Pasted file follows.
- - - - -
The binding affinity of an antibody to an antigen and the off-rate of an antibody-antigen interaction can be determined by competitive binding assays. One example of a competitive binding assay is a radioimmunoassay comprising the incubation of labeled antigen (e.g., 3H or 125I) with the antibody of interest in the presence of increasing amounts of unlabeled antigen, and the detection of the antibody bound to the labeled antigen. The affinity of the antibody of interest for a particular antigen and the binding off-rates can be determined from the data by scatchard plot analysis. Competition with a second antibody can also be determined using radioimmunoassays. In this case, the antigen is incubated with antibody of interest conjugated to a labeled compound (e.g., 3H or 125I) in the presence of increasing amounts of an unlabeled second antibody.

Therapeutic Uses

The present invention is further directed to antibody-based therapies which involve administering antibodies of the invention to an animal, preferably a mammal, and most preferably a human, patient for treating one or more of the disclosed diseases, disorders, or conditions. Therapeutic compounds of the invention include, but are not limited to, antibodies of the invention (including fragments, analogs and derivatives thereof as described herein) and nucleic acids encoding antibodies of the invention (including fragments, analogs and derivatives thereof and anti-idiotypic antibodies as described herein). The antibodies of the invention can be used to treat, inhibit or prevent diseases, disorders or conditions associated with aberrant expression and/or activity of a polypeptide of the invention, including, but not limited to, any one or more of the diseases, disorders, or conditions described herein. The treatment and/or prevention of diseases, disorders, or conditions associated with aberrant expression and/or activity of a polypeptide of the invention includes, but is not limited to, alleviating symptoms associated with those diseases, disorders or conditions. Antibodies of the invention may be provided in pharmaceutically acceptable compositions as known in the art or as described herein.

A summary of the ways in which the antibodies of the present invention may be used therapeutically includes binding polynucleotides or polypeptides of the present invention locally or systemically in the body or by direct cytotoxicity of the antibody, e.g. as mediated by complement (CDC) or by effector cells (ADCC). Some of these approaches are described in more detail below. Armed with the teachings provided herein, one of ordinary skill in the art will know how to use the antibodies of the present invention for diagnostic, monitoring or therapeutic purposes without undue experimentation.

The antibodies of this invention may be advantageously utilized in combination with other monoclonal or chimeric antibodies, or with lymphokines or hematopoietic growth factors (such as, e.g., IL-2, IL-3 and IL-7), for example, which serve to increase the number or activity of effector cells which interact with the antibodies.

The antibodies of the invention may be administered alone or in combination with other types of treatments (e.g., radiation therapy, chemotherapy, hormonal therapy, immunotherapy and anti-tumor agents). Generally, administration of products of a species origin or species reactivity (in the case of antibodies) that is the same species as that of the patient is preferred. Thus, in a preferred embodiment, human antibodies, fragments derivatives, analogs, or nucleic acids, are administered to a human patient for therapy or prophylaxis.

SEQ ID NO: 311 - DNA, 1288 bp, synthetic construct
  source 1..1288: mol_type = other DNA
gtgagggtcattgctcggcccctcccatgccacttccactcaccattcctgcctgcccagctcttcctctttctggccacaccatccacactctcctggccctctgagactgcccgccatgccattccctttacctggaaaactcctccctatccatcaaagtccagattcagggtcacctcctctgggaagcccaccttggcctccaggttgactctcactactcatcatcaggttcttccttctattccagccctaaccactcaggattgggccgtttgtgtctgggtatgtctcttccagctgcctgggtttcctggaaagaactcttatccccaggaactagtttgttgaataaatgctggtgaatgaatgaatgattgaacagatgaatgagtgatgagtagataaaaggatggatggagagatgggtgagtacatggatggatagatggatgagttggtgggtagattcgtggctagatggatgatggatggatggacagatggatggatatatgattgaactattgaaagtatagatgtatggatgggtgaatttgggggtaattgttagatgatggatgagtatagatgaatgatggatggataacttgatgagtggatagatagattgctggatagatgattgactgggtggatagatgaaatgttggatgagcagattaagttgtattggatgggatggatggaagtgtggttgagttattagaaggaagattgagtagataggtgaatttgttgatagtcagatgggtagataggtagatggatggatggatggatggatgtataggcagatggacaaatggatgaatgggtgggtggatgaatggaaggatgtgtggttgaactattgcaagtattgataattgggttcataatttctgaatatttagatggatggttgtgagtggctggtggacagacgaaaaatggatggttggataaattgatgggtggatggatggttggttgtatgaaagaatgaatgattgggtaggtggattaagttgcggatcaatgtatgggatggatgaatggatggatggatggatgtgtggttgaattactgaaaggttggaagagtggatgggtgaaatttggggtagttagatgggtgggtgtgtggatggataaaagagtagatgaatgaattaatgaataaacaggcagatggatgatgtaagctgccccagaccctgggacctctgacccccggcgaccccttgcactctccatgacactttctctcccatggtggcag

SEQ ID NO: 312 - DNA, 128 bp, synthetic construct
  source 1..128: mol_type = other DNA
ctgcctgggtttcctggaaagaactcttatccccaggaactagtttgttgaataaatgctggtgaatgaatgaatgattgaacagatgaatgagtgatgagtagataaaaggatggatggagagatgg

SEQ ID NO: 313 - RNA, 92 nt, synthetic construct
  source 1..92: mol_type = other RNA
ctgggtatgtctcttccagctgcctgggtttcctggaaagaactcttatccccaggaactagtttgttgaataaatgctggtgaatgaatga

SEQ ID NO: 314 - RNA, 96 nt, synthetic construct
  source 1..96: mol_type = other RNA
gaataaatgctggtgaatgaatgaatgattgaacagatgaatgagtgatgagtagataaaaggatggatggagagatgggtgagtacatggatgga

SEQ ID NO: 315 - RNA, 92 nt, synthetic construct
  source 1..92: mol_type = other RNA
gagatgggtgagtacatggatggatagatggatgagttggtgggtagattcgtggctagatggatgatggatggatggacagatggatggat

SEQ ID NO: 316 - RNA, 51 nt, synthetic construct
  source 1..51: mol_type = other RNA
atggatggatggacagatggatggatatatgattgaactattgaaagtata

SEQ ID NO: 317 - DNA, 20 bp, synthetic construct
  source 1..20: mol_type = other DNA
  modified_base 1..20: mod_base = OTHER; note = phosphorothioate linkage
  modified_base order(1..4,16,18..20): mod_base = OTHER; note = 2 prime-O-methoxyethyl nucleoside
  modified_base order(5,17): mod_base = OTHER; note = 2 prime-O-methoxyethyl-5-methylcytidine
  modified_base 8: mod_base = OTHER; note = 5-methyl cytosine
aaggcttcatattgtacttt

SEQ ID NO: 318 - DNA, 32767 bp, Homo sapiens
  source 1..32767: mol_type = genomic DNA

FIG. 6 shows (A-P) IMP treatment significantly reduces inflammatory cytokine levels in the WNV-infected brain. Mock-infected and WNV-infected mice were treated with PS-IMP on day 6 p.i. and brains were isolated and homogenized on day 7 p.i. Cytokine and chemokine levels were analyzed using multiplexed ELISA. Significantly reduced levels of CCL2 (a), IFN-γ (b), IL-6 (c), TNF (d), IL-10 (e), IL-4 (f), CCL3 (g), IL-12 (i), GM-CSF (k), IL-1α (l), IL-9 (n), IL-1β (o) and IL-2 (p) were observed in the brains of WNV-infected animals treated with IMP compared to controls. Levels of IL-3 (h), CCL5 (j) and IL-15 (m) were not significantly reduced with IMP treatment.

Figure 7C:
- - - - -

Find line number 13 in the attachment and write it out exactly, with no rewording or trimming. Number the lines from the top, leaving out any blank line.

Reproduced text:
SEQ ID NO: 313 - RNA, 92 nt, synthetic construct